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3 Hairstyle Hacks For a Short Bob

Posted July 22nd, 2014

When I cut my hair a few months back, I was desperate for a change. Long hair will always work, but there's something about having an actual style (a long bob, in my case) that made me feel instantly more polished and grown-up. It’s kind of great what an hour in a stylist’s chair can do for one’s self-esteem. The only downside to this shorter cut was losing the hairstyles that I had gotten down to a science with my long hair. I could do beach-y waves, a topknot, or milkmaid braids with my eyes closed. I’m now starting to build up my short-hair styling muscle so I wanted to share the tips and tricks I’ve picked up along the way.

Step 1: Instead of starting at the root with the curling iron, I start midway down the length of my hair, curling away from my face.

Step 2: At my hair's current length, the curling iron no longer works the way it once did. The end of the curl now lands in a funny place and my beachy waves end up looking more like a '70s flip.

Step 3: To combat the outward flip, I go back and curl the ends under. 

Step 4: I pull on the curl while it's cooling so it doesn't go extreme in the other direction.

Step 5: Shorter hair means it doesn't have the weight to pull it down, so the ends can end up being wispy instead of a post-beach textured look. I rub heavy pomade or wax in between the palm of my hands until it turns clear and scrunch the product into the ends of my hair, separating and twisting as I go.

A topknot might seem out of the question for short hair (truth be told I was entirely convinced that I didn't have enough hair to put up in a ballerina bun), but a healthy handful of bobby pins and a little elbow grease proved otherwise.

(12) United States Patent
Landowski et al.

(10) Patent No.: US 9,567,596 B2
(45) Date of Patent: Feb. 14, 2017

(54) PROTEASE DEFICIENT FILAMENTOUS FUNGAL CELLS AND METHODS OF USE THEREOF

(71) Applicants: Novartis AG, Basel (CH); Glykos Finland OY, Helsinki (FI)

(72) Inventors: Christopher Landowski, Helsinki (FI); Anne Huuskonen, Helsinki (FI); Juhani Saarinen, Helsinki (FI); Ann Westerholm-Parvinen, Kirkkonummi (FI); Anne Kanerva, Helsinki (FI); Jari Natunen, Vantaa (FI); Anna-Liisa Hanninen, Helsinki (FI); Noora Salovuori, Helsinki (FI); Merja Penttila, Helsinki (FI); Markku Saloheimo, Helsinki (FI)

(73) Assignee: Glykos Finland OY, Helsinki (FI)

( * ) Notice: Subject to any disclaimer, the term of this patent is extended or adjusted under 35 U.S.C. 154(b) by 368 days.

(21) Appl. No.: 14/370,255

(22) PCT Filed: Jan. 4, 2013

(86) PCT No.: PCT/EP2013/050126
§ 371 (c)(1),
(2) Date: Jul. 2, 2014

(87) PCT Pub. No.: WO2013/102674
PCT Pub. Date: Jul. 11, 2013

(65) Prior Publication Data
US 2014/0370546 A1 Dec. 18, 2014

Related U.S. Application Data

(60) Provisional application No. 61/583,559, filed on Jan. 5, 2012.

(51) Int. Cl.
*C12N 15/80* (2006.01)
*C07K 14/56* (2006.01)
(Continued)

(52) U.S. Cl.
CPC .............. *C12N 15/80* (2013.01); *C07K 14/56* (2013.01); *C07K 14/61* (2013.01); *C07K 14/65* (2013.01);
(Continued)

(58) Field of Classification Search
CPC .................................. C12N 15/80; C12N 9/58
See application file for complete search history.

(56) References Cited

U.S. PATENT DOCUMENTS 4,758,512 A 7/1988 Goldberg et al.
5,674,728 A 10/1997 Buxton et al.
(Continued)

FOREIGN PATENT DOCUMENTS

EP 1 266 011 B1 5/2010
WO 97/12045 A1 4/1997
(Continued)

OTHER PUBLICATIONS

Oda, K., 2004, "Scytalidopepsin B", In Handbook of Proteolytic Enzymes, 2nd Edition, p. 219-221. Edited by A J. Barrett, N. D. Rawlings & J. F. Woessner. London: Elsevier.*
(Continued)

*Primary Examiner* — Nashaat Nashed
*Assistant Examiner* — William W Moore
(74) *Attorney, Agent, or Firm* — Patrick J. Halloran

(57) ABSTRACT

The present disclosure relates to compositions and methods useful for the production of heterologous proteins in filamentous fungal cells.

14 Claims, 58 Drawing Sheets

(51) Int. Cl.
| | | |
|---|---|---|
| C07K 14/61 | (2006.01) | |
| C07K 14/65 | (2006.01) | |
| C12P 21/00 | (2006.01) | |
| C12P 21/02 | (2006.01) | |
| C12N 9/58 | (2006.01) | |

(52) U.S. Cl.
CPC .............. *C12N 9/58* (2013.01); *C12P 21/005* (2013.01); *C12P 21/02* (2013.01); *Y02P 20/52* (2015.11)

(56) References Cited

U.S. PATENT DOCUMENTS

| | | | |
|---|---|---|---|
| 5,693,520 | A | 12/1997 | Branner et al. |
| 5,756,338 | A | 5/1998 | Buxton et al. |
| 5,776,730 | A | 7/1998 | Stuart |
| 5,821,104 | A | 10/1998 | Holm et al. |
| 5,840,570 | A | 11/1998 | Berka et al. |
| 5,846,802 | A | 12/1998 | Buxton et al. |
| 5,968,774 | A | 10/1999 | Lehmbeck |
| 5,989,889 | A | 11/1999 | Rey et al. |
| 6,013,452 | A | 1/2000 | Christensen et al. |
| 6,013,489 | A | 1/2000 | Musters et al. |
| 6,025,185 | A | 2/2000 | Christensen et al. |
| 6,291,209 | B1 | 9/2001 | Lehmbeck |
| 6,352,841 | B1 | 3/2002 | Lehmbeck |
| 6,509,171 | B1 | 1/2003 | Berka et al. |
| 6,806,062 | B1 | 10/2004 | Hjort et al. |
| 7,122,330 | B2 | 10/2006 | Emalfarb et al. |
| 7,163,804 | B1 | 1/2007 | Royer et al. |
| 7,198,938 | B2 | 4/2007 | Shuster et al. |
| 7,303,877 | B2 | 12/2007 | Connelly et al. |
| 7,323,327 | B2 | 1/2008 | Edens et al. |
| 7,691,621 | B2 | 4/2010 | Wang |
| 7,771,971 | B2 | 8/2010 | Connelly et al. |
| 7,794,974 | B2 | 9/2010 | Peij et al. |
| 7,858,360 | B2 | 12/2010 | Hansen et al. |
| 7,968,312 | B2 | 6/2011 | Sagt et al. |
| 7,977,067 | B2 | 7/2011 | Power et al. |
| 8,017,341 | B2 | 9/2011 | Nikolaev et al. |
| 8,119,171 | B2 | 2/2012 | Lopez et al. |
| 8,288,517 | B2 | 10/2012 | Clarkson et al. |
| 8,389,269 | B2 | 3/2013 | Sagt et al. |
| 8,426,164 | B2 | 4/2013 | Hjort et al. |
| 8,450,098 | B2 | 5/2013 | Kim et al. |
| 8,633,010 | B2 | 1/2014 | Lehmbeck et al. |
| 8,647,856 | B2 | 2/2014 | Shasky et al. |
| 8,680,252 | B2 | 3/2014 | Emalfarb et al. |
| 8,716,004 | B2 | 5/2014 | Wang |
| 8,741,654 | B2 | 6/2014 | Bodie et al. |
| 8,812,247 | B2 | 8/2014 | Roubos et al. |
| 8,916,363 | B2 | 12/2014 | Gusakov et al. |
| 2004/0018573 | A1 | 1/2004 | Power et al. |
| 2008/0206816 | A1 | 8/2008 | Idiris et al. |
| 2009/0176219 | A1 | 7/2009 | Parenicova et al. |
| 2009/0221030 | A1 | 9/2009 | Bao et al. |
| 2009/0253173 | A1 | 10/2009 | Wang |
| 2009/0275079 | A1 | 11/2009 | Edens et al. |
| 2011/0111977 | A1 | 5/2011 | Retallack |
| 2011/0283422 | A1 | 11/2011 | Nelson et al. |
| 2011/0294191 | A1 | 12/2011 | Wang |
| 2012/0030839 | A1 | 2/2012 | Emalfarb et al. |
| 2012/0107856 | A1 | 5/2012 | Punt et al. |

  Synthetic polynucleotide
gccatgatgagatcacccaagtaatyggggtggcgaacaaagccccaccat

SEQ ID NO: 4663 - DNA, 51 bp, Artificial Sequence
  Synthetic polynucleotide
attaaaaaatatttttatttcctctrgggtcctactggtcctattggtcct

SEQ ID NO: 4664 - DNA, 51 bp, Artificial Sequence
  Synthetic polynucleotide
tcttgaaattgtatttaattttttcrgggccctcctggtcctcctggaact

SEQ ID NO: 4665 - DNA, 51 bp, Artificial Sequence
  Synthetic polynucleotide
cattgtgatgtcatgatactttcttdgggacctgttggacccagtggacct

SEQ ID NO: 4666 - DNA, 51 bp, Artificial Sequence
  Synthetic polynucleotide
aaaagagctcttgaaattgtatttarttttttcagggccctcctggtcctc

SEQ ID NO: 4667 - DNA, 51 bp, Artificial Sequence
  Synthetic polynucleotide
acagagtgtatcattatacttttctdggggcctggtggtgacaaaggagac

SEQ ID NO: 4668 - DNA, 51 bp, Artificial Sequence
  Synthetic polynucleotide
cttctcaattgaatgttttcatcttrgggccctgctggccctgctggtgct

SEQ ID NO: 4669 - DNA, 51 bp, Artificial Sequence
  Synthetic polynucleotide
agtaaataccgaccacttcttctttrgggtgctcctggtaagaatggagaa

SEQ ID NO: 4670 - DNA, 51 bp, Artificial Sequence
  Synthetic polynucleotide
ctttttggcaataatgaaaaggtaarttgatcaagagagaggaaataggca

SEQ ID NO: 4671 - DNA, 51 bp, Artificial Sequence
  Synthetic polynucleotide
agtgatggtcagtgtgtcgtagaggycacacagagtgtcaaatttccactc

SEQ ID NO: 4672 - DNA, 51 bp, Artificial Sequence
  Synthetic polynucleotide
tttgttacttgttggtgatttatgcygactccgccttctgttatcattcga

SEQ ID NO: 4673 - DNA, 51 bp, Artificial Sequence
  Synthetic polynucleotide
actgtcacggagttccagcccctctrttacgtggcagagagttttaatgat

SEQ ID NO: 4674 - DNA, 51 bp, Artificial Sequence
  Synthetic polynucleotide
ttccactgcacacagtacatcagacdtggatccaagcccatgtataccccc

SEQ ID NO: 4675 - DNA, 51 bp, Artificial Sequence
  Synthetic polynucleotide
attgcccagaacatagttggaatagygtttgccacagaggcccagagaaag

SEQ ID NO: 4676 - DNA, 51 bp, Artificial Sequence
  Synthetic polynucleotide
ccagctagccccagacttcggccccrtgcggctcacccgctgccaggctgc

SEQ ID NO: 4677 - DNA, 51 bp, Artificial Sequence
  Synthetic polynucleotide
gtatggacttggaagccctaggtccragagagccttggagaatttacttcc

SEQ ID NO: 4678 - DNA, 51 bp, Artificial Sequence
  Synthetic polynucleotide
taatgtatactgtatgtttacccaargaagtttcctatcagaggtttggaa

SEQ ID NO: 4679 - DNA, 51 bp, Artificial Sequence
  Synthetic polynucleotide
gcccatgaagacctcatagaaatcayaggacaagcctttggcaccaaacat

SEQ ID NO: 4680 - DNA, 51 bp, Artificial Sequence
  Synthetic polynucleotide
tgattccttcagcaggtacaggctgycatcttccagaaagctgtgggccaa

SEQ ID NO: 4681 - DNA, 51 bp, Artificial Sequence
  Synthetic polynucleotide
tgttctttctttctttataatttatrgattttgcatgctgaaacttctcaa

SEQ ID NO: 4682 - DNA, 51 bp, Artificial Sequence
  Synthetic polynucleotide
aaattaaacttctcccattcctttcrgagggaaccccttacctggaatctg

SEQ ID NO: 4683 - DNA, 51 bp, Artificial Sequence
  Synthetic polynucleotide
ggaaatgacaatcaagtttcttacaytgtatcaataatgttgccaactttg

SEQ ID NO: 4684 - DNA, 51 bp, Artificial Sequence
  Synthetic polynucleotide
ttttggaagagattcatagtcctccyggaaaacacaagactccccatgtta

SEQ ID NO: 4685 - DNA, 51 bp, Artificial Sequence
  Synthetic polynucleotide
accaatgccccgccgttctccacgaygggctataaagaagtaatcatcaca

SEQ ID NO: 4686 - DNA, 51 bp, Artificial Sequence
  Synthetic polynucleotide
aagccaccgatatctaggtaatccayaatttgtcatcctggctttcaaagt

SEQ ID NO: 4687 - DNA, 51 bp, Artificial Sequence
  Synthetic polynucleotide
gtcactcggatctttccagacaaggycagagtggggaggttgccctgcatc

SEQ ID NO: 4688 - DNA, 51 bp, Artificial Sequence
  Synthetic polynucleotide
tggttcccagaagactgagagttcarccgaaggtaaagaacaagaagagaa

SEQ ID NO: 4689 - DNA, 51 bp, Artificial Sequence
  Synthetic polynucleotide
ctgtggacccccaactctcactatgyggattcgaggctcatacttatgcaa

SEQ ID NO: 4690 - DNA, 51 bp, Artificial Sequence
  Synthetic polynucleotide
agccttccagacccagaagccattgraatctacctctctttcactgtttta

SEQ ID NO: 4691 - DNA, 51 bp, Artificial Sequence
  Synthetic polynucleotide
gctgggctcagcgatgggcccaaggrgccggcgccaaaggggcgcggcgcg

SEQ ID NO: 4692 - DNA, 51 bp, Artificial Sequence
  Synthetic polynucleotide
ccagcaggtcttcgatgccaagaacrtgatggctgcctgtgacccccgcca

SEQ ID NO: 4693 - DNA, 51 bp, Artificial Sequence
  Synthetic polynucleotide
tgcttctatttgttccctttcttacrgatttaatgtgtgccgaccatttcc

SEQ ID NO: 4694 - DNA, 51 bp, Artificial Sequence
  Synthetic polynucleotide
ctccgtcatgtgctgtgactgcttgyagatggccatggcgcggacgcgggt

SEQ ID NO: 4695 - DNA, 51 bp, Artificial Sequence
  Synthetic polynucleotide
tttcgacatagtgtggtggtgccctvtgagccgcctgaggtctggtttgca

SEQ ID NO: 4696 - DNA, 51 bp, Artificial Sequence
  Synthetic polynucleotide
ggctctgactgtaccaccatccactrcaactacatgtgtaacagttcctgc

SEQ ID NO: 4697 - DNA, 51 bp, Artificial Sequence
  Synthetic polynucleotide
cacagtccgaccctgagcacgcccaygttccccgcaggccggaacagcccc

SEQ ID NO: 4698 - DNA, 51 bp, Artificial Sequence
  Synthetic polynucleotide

Step 1: Gather hair and secure with an elastic (the higher the ponytail is on the crown of the head, the longer the hair in the ponytail will be).

Step 2: There will be shorter pieces at the nape of the neck that won't make it into the rubber band, so I slide a bobby pin vertically towards the crown of my head so that it's not visible. 

Step 3: To fake a fuller top-knot, I pull the ponytail up through the hair-tie so that there's a small loop.

Step 4: Grab the leftover hair and wrap it around the base to cover the rubber band.

Step 5: Pin all loose hairs down into the loop with bobby pins.

This french braid is the short-hair equivalent of a milkmaid braid and is the hairstyle I rely on to make me look like I've done an intricate updo without the hassle. 

Step 1: Split hair into two sections down the middle of the head. French braid each side and secure ends with rubber bands.

Step 2: Fold braids over one another at the nape of the neck and pin. Finish with a heavy hold hairspray.

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